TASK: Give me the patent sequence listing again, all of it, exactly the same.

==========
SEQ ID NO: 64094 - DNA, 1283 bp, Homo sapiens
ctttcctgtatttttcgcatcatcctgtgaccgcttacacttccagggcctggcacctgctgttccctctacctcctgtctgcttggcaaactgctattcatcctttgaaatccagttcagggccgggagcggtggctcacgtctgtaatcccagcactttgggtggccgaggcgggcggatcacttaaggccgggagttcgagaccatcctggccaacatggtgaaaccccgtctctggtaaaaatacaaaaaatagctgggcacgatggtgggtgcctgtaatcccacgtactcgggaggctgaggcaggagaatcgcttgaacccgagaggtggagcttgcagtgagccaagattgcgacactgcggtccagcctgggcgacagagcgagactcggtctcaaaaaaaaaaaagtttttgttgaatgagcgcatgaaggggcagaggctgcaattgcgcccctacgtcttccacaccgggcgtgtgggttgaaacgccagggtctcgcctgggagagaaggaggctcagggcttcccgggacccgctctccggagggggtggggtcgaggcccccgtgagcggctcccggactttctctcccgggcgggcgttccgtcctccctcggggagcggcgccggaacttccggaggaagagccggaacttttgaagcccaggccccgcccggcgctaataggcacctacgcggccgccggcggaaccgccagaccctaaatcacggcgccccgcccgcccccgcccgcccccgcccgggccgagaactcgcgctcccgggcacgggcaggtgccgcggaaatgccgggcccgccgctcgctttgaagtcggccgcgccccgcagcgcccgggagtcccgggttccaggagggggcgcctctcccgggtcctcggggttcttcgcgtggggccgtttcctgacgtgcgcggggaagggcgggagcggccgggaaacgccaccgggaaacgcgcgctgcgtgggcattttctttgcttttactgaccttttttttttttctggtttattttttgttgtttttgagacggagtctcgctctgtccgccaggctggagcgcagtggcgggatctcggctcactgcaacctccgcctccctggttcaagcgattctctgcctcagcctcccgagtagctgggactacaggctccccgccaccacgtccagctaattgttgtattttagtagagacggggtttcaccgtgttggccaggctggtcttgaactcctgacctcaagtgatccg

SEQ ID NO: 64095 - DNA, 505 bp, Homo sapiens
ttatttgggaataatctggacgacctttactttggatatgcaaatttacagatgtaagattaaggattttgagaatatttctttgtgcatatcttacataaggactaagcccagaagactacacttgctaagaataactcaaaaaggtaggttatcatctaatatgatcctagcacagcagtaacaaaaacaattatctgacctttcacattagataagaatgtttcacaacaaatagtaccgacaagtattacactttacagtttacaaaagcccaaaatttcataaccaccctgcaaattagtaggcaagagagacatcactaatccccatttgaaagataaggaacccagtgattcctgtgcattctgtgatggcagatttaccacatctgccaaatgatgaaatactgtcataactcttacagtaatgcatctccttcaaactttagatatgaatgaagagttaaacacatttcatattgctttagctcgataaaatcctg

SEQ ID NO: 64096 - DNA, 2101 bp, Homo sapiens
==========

SEQ ID NO: 64094 - DNA, 1283 bp, Homo sapiens
ctttcctgtatttttcgcatcatcctgtgaccgcttacacttccagggcctggcacctgctgttccctctacctcctgtctgcttggcaaactgctattcatcctttgaaatccagttcagggccgggagcggtggctcacgtctgtaatcccagcactttgggtggccgaggcgggcggatcacttaaggccgggagttcgagaccatcctggccaacatggtgaaaccccgtctctggtaaaaatacaaaaaatagctgggcacgatggtgggtgcctgtaatcccacgtactcgggaggctgaggcaggagaatcgcttgaacccgagaggtggagcttgcagtgagccaagattgcgacactgcggtccagcctgggcgacagagcgagactcggtctcaaaaaaaaaaaagtttttgttgaatgagcgcatgaaggggcagaggctgcaattgcgcccctacgtcttccacaccgggcgtgtgggttgaaacgccagggtctcgcctgggagagaaggaggctcagggcttcccgggacccgctctccggagggggtggggtcgaggcccccgtgagcggctcccggactttctctcccgggcgggcgttccgtcctccctcggggagcggcgccggaacttccggaggaagagccggaacttttgaagcccaggccccgcccggcgctaataggcacctacgcggccgccggcggaaccgccagaccctaaatcacggcgccccgcccgcccccgcccgcccccgcccgggccgagaactcgcgctcccgggcacgggcaggtgccgcggaaatgccgggcccgccgctcgctttgaagtcggccgcgccccgcagcgcccgggagtcccgggttccaggagggggcgcctctcccgggtcctcggggttcttcgcgtggggccgtttcctgacgtgcgcggggaagggcgggagcggccgggaaacgccaccgggaaacgcgcgctgcgtgggcattttctttgcttttactgaccttttttttttttctggtttattttttgttgtttttgagacggagtctcgctctgtccgccaggctggagcgcagtggcgggatctcggctcactgcaacctccgcctccctggttcaagcgattctctgcctcagcctcccgagtagctgggactacaggctccccgccaccacgtccagctaattgttgtattttagtagagacggggtttcaccgtgttggccaggctggtcttgaactcctgacctcaagtgatccg

SEQ ID NO: 64095 - DNA, 505 bp, Homo sapiens
ttatttgggaataatctggacgacctttactttggatatgcaaatttacagatgtaagattaaggattttgagaatatttctttgtgcatatcttacataaggactaagcccagaagactacacttgctaagaataactcaaaaaggtaggttatcatctaatatgatcctagcacagcagtaacaaaaacaattatctgacctttcacattagataagaatgtttcacaacaaatagtaccgacaagtattacactttacagtttacaaaagcccaaaatttcataaccaccctgcaaattagtaggcaagagagacatcactaatccccatttgaaagataaggaacccagtgattcctgtgcattctgtgatggcagatttaccacatctgccaaatgatgaaatactgtcataactcttacagtaatgcatctccttcaaactttagatatgaatgaagagttaaacacatttcatattgctttagctcgataaaatcctg

SEQ ID NO: 64096 - DNA, 2101 bp, Homo sapiens